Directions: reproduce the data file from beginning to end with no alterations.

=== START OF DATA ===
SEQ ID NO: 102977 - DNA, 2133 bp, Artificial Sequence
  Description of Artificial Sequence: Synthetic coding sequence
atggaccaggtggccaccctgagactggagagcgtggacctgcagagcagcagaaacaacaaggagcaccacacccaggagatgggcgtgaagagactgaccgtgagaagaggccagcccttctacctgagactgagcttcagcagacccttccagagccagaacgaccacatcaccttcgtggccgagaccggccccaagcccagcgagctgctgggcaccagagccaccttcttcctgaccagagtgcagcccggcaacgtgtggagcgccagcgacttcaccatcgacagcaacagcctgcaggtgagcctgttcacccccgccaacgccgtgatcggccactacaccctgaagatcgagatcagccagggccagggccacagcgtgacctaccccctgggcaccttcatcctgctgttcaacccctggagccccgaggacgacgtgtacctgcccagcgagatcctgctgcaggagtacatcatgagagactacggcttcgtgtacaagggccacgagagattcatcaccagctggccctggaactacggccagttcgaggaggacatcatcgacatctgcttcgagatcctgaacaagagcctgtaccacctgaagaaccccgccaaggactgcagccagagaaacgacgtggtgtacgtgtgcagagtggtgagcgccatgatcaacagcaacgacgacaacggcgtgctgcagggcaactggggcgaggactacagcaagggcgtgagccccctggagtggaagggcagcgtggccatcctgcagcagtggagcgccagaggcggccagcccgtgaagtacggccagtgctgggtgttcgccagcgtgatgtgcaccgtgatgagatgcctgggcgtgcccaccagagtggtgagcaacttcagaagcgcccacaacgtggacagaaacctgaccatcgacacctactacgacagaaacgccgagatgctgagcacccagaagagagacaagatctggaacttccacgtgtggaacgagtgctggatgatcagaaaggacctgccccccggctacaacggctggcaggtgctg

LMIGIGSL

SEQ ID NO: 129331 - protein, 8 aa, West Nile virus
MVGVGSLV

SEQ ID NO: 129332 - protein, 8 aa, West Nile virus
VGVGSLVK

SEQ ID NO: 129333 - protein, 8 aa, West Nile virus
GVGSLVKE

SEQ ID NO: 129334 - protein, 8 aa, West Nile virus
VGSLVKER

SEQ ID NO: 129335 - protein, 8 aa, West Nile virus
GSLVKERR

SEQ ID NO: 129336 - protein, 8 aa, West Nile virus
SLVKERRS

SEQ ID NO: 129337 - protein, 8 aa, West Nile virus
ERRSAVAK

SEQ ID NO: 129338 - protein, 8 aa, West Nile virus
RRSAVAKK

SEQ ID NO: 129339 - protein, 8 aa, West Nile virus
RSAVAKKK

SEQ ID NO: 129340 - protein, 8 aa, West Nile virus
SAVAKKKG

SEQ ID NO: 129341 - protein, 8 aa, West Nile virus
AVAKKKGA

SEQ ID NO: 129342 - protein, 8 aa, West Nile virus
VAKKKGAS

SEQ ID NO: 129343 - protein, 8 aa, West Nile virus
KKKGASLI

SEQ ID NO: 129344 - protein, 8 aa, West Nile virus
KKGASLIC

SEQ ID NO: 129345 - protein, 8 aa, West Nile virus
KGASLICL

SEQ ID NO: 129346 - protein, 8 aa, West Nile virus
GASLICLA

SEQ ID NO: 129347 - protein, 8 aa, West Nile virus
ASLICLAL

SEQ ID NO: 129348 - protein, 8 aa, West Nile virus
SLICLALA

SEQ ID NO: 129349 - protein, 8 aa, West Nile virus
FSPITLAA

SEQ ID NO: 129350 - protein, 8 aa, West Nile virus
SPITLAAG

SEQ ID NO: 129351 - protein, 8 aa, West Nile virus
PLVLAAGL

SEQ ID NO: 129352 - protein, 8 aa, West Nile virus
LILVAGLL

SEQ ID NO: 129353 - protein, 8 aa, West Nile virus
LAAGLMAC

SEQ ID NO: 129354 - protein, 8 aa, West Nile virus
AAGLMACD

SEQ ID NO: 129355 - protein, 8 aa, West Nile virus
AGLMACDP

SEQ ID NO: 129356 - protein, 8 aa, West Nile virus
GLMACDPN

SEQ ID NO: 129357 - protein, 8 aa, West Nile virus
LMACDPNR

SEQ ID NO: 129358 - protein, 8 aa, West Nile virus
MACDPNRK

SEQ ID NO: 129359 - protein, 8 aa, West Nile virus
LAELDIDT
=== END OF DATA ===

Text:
SEQ ID NO: 102977 - DNA, 2133 bp, Artificial Sequence
  Description of Artificial Sequence: Synthetic coding sequence
atggaccaggtggccaccctgagactggagagcgtggacctgcagagcagcagaaacaacaaggagcaccacacccaggagatgggcgtgaagagactgaccgtgagaagaggccagcccttctacctgagactgagcttcagcagacccttccagagccagaacgaccacatcaccttcgtggccgagaccggccccaagcccagcgagctgctgggcaccagagccaccttcttcctgaccagagtgcagcccggcaacgtgtggagcgccagcgacttcaccatcgacagcaacagcctgcaggtgagcctgttcacccccgccaacgccgtgatcggccactacaccctgaagatcgagatcagccagggccagggccacagcgtgacctaccccctgggcaccttcatcctgctgttcaacccctggagccccgaggacgacgtgtacctgcccagcgagatcctgctgcaggagtacatcatgagagactacggcttcgtgtacaagggccacgagagattcatcaccagctggccctggaactacggccagttcgaggaggacatcatcgacatctgcttcgagatcctgaacaagagcctgtaccacctgaagaaccccgccaaggactgcagccagagaaacgacgtggtgtacgtgtgcagagtggtgagcgccatgatcaacagcaacgacgacaacggcgtgctgcagggcaactggggcgaggactacagcaagggcgtgagccccctggagtggaagggcagcgtggccatcctgcagcagtggagcgccagaggcggccagcccgtgaagtacggccagtgctgggtgttcgccagcgtgatgtgcaccgtgatgagatgcctgggcgtgcccaccagagtggtgagcaacttcagaagcgcccacaacgtggacagaaacctgaccatcgacacctactacgacagaaacgccgagatgctgagcacccagaagagagacaagatctggaacttccacgtgtggaacgagtgctggatgatcagaaaggacctgccccccggctacaacggctggcaggtgctg

LMIGIGSL

SEQ ID NO: 129331 - protein, 8 aa, West Nile virus
MVGVGSLV

SEQ ID NO: 129332 - protein, 8 aa, West Nile virus
VGVGSLVK

SEQ ID NO: 129333 - protein, 8 aa, West Nile virus
GVGSLVKE

SEQ ID NO: 129334 - protein, 8 aa, West Nile virus
VGSLVKER

SEQ ID NO: 129335 - protein, 8 aa, West Nile virus
GSLVKERR

SEQ ID NO: 129336 - protein, 8 aa, West Nile virus
SLVKERRS

SEQ ID NO: 129337 - protein, 8 aa, West Nile virus
ERRSAVAK

SEQ ID NO: 129338 - protein, 8 aa, West Nile virus
RRSAVAKK

SEQ ID NO: 129339 - protein, 8 aa, West Nile virus
RSAVAKKK

SEQ ID NO: 129340 - protein, 8 aa, West Nile virus
SAVAKKKG

SEQ ID NO: 129341 - protein, 8 aa, West Nile virus
AVAKKKGA

SEQ ID NO: 129342 - protein, 8 aa, West Nile virus
VAKKKGAS

SEQ ID NO: 129343 - protein, 8 aa, West Nile virus
KKKGASLI

SEQ ID NO: 129344 - protein, 8 aa, West Nile virus
KKGASLIC

SEQ ID NO: 129345 - protein, 8 aa, West Nile virus
KGASLICL

SEQ ID NO: 129346 - protein, 8 aa, West Nile virus
GASLICLA

SEQ ID NO: 129347 - protein, 8 aa, West Nile virus
ASLICLAL

SEQ ID NO: 129348 - protein, 8 aa, West Nile virus
SLICLALA

SEQ ID NO: 129349 - protein, 8 aa, West Nile virus
FSPITLAA

SEQ ID NO: 129350 - protein, 8 aa, West Nile virus
SPITLAAG

SEQ ID NO: 129351 - protein, 8 aa, West Nile virus
PLVLAAGL

SEQ ID NO: 129352 - protein, 8 aa, West Nile virus
LILVAGLL

SEQ ID NO: 129353 - protein, 8 aa, West Nile virus
LAAGLMAC

SEQ ID NO: 129354 - protein, 8 aa, West Nile virus
AAGLMACD

SEQ ID NO: 129355 - protein, 8 aa, West Nile virus
AGLMACDP

SEQ ID NO: 129356 - protein, 8 aa, West Nile virus
GLMACDPN

SEQ ID NO: 129357 - protein, 8 aa, West Nile virus
LMACDPNR

SEQ ID NO: 129358 - protein, 8 aa, West Nile virus
MACDPNRK

SEQ ID NO: 129359 - protein, 8 aa, West Nile virus
LAELDIDT